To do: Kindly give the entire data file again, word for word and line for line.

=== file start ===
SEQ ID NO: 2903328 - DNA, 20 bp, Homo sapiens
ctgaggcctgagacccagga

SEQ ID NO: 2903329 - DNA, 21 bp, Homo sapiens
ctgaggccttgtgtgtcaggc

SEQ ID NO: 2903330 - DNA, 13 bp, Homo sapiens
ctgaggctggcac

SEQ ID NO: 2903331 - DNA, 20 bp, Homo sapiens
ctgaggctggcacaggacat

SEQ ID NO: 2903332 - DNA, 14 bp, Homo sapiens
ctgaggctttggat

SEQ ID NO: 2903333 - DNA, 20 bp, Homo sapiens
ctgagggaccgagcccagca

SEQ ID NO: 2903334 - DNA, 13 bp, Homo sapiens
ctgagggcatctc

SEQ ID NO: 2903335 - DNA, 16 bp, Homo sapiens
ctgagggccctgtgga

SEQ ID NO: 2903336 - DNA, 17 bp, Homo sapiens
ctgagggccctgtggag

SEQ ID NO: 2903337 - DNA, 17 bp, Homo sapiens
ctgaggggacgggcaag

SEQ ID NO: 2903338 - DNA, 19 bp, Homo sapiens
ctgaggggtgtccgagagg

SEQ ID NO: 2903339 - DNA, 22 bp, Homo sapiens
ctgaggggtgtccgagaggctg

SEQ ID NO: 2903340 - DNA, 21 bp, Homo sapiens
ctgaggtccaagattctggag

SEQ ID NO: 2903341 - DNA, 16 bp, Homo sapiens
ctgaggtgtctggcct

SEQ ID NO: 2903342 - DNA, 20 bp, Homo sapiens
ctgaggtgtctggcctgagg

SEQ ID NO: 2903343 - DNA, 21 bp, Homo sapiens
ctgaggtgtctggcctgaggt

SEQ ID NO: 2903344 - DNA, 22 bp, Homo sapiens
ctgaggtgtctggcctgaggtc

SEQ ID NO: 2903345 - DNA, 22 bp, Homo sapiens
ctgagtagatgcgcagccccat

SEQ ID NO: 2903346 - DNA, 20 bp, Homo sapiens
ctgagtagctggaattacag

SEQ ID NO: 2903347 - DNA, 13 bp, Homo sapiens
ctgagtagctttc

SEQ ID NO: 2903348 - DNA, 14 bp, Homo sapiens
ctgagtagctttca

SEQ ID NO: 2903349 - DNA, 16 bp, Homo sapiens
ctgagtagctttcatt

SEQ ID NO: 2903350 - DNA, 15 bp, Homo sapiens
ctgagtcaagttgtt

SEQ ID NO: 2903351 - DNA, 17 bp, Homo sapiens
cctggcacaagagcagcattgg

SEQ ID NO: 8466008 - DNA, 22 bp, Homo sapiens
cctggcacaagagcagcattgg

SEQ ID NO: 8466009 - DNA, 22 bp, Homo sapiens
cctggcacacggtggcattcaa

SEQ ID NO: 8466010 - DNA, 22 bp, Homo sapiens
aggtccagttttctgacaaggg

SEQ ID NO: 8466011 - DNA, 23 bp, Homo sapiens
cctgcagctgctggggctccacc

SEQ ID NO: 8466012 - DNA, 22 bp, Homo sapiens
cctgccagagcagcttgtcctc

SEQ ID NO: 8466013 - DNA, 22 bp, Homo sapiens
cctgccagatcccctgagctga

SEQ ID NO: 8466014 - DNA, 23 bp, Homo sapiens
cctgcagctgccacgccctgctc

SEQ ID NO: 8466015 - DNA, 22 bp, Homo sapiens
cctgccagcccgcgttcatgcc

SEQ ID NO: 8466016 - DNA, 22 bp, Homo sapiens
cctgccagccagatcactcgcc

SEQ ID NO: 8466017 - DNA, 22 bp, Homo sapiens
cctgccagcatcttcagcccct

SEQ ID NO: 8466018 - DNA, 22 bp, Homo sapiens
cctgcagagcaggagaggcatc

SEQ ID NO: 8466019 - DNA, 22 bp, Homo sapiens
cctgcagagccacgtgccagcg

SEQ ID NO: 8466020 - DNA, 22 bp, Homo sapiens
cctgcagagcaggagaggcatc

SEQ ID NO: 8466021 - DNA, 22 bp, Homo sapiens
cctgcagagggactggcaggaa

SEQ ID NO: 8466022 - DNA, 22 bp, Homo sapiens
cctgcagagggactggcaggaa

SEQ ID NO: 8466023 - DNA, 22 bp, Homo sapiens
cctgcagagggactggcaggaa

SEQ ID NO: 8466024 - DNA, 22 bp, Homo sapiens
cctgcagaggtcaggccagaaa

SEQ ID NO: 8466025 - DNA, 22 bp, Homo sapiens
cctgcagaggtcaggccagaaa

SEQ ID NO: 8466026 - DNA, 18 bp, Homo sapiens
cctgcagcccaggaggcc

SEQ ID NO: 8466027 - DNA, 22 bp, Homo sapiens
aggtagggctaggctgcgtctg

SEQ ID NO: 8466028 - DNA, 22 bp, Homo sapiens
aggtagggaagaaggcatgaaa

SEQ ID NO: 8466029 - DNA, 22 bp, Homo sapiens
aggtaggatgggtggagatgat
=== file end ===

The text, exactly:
SEQ ID NO: 2903328 - DNA, 20 bp, Homo sapiens
ctgaggcctgagacccagga

SEQ ID NO: 2903329 - DNA, 21 bp, Homo sapiens
ctgaggccttgtgtgtcaggc

SEQ ID NO: 2903330 - DNA, 13 bp, Homo sapiens
ctgaggctggcac

SEQ ID NO: 2903331 - DNA, 20 bp, Homo sapiens
ctgaggctggcacaggacat

SEQ ID NO: 2903332 - DNA, 14 bp, Homo sapiens
ctgaggctttggat

SEQ ID NO: 2903333 - DNA, 20 bp, Homo sapiens
ctgagggaccgagcccagca

SEQ ID NO: 2903334 - DNA, 13 bp, Homo sapiens
ctgagggcatctc

SEQ ID NO: 2903335 - DNA, 16 bp, Homo sapiens
ctgagggccctgtgga

SEQ ID NO: 2903336 - DNA, 17 bp, Homo sapiens
ctgagggccctgtggag

SEQ ID NO: 2903337 - DNA, 17 bp, Homo sapiens
ctgaggggacgggcaag

SEQ ID NO: 2903338 - DNA, 19 bp, Homo sapiens
ctgaggggtgtccgagagg

SEQ ID NO: 2903339 - DNA, 22 bp, Homo sapiens
ctgaggggtgtccgagaggctg

SEQ ID NO: 2903340 - DNA, 21 bp, Homo sapiens
ctgaggtccaagattctggag

SEQ ID NO: 2903341 - DNA, 16 bp, Homo sapiens
ctgaggtgtctggcct

SEQ ID NO: 2903342 - DNA, 20 bp, Homo sapiens
ctgaggtgtctggcctgagg

SEQ ID NO: 2903343 - DNA, 21 bp, Homo sapiens
ctgaggtgtctggcctgaggt

SEQ ID NO: 2903344 - DNA, 22 bp, Homo sapiens
ctgaggtgtctggcctgaggtc

SEQ ID NO: 2903345 - DNA, 22 bp, Homo sapiens
ctgagtagatgcgcagccccat

SEQ ID NO: 2903346 - DNA, 20 bp, Homo sapiens
ctgagtagctggaattacag

SEQ ID NO: 2903347 - DNA, 13 bp, Homo sapiens
ctgagtagctttc

SEQ ID NO: 2903348 - DNA, 14 bp, Homo sapiens
ctgagtagctttca

SEQ ID NO: 2903349 - DNA, 16 bp, Homo sapiens
ctgagtagctttcatt

SEQ ID NO: 2903350 - DNA, 15 bp, Homo sapiens
ctgagtcaagttgtt

SEQ ID NO: 2903351 - DNA, 17 bp, Homo sapiens
cctggcacaagagcagcattgg

SEQ ID NO: 8466008 - DNA, 22 bp, Homo sapiens
cctggcacaagagcagcattgg

SEQ ID NO: 8466009 - DNA, 22 bp, Homo sapiens
cctggcacacggtggcattcaa

SEQ ID NO: 8466010 - DNA, 22 bp, Homo sapiens
aggtccagttttctgacaaggg

SEQ ID NO: 8466011 - DNA, 23 bp, Homo sapiens
cctgcagctgctggggctccacc

SEQ ID NO: 8466012 - DNA, 22 bp, Homo sapiens
cctgccagagcagcttgtcctc

SEQ ID NO: 8466013 - DNA, 22 bp, Homo sapiens
cctgccagatcccctgagctga

SEQ ID NO: 8466014 - DNA, 23 bp, Homo sapiens
cctgcagctgccacgccctgctc

SEQ ID NO: 8466015 - DNA, 22 bp, Homo sapiens
cctgccagcccgcgttcatgcc

SEQ ID NO: 8466016 - DNA, 22 bp, Homo sapiens
cctgccagccagatcactcgcc

SEQ ID NO: 8466017 - DNA, 22 bp, Homo sapiens
cctgccagcatcttcagcccct

SEQ ID NO: 8466018 - DNA, 22 bp, Homo sapiens
cctgcagagcaggagaggcatc

SEQ ID NO: 8466019 - DNA, 22 bp, Homo sapiens
cctgcagagccacgtgccagcg

SEQ ID NO: 8466020 - DNA, 22 bp, Homo sapiens
cctgcagagcaggagaggcatc

SEQ ID NO: 8466021 - DNA, 22 bp, Homo sapiens
cctgcagagggactggcaggaa

SEQ ID NO: 8466022 - DNA, 22 bp, Homo sapiens
cctgcagagggactggcaggaa

SEQ ID NO: 8466023 - DNA, 22 bp, Homo sapiens
cctgcagagggactggcaggaa

SEQ ID NO: 8466024 - DNA, 22 bp, Homo sapiens
cctgcagaggtcaggccagaaa

SEQ ID NO: 8466025 - DNA, 22 bp, Homo sapiens
cctgcagaggtcaggccagaaa

SEQ ID NO: 8466026 - DNA, 18 bp, Homo sapiens
cctgcagcccaggaggcc

SEQ ID NO: 8466027 - DNA, 22 bp, Homo sapiens
aggtagggctaggctgcgtctg

SEQ ID NO: 8466028 - DNA, 22 bp, Homo sapiens
aggtagggaagaaggcatgaaa

SEQ ID NO: 8466029 - DNA, 22 bp, Homo sapiens
aggtaggatgggtggagatgat